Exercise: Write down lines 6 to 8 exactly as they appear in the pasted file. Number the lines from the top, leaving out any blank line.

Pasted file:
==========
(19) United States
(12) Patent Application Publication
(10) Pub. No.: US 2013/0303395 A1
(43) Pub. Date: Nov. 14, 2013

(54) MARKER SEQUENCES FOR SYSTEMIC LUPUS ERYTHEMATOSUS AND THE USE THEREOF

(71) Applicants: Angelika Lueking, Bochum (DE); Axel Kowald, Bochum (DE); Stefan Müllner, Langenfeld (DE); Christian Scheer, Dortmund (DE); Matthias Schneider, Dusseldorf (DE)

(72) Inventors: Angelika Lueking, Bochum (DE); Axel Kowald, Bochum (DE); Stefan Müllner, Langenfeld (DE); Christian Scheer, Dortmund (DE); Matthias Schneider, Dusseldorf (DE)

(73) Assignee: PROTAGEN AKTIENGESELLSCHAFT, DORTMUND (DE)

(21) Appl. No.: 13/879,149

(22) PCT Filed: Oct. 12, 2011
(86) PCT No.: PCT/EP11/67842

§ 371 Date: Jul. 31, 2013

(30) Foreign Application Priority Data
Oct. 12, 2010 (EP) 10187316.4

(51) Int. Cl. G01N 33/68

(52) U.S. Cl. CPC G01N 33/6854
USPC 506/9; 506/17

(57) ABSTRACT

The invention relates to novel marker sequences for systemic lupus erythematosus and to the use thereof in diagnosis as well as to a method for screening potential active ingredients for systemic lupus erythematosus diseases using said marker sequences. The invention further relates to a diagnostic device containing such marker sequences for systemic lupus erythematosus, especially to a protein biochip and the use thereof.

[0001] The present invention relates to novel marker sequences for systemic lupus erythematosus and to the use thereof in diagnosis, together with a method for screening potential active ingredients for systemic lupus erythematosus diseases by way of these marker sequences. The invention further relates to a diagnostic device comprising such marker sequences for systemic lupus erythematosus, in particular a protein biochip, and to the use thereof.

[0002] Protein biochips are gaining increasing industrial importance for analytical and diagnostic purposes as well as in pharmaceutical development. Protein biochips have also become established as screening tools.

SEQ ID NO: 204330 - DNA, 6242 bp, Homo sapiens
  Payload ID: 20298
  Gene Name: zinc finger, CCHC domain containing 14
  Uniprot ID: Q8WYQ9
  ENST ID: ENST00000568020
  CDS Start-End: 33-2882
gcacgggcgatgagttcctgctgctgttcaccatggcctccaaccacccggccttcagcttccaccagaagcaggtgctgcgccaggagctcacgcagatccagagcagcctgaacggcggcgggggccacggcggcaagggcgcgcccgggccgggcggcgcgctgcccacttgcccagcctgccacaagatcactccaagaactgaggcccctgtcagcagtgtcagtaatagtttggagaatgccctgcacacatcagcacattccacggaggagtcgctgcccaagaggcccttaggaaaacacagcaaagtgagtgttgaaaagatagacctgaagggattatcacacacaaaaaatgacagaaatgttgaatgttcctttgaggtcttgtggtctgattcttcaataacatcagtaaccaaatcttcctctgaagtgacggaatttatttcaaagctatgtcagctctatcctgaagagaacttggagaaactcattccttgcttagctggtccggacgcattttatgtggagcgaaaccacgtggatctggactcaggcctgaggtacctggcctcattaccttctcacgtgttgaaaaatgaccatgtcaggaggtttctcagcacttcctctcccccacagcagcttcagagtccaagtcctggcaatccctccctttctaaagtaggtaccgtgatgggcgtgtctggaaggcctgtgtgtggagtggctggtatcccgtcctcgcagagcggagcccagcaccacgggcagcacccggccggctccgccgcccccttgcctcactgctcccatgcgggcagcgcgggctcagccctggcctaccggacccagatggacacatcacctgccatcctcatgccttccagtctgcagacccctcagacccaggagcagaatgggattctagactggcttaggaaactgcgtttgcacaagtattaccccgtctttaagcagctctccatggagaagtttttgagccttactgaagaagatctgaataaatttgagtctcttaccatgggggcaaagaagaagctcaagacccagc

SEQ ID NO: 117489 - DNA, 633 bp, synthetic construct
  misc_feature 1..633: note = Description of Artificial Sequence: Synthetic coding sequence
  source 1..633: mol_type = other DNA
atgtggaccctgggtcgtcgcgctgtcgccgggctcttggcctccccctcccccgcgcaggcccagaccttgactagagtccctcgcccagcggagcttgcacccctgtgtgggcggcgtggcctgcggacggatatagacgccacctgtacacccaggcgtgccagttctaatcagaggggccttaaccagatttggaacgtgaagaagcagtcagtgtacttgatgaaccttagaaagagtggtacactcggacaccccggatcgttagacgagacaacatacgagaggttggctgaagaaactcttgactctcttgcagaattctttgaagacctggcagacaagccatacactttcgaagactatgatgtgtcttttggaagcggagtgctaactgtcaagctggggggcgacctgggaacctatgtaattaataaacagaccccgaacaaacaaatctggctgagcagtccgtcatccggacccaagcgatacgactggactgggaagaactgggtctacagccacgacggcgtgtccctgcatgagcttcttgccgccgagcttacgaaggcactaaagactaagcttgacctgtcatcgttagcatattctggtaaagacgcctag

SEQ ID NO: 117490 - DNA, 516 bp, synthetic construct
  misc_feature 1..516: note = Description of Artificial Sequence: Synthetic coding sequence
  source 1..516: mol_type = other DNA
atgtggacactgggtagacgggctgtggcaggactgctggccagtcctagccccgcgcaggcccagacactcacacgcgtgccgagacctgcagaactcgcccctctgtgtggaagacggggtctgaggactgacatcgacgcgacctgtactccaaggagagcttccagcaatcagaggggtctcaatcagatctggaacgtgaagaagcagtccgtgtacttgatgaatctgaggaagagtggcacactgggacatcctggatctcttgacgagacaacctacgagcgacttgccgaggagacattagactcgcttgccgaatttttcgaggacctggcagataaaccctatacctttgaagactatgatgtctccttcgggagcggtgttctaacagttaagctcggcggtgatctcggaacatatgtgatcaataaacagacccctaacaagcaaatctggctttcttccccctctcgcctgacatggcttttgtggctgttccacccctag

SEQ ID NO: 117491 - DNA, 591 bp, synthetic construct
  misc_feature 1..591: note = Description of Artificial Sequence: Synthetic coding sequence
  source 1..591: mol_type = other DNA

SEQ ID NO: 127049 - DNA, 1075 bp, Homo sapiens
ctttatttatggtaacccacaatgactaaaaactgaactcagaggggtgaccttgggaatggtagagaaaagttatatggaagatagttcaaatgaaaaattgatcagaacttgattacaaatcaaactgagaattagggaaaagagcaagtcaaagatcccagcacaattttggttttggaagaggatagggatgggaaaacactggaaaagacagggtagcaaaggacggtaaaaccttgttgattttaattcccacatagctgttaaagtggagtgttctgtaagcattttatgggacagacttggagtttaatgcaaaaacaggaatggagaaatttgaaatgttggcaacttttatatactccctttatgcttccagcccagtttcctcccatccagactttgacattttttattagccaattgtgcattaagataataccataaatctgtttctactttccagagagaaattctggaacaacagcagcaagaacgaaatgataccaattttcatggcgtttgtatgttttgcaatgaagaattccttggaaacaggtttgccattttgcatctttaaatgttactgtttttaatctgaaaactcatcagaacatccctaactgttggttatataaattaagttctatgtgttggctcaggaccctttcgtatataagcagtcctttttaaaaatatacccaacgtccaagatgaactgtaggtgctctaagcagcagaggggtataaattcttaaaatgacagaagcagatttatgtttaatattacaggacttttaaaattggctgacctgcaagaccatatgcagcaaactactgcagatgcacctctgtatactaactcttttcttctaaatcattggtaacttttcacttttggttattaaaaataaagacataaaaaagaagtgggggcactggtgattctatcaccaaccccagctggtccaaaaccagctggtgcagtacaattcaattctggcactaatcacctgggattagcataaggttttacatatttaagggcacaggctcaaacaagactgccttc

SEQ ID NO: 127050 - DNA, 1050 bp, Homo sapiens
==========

(71) Applicants: Angelika Lueking, Bochum (DE); Axel Kowald, Bochum (DE); Stefan Müllner, Langenfeld (DE); Christian Scheer, Dortmund (DE); Matthias Schneider, Dusseldorf (DE)

(72) Inventors: Angelika Lueking, Bochum (DE); Axel Kowald, Bochum (DE); Stefan Müllner, Langenfeld (DE); Christian Scheer, Dortmund (DE); Matthias Schneider, Dusseldorf (DE)

(73) Assignee: PROTAGEN AKTIENGESELLSCHAFT, DORTMUND (DE)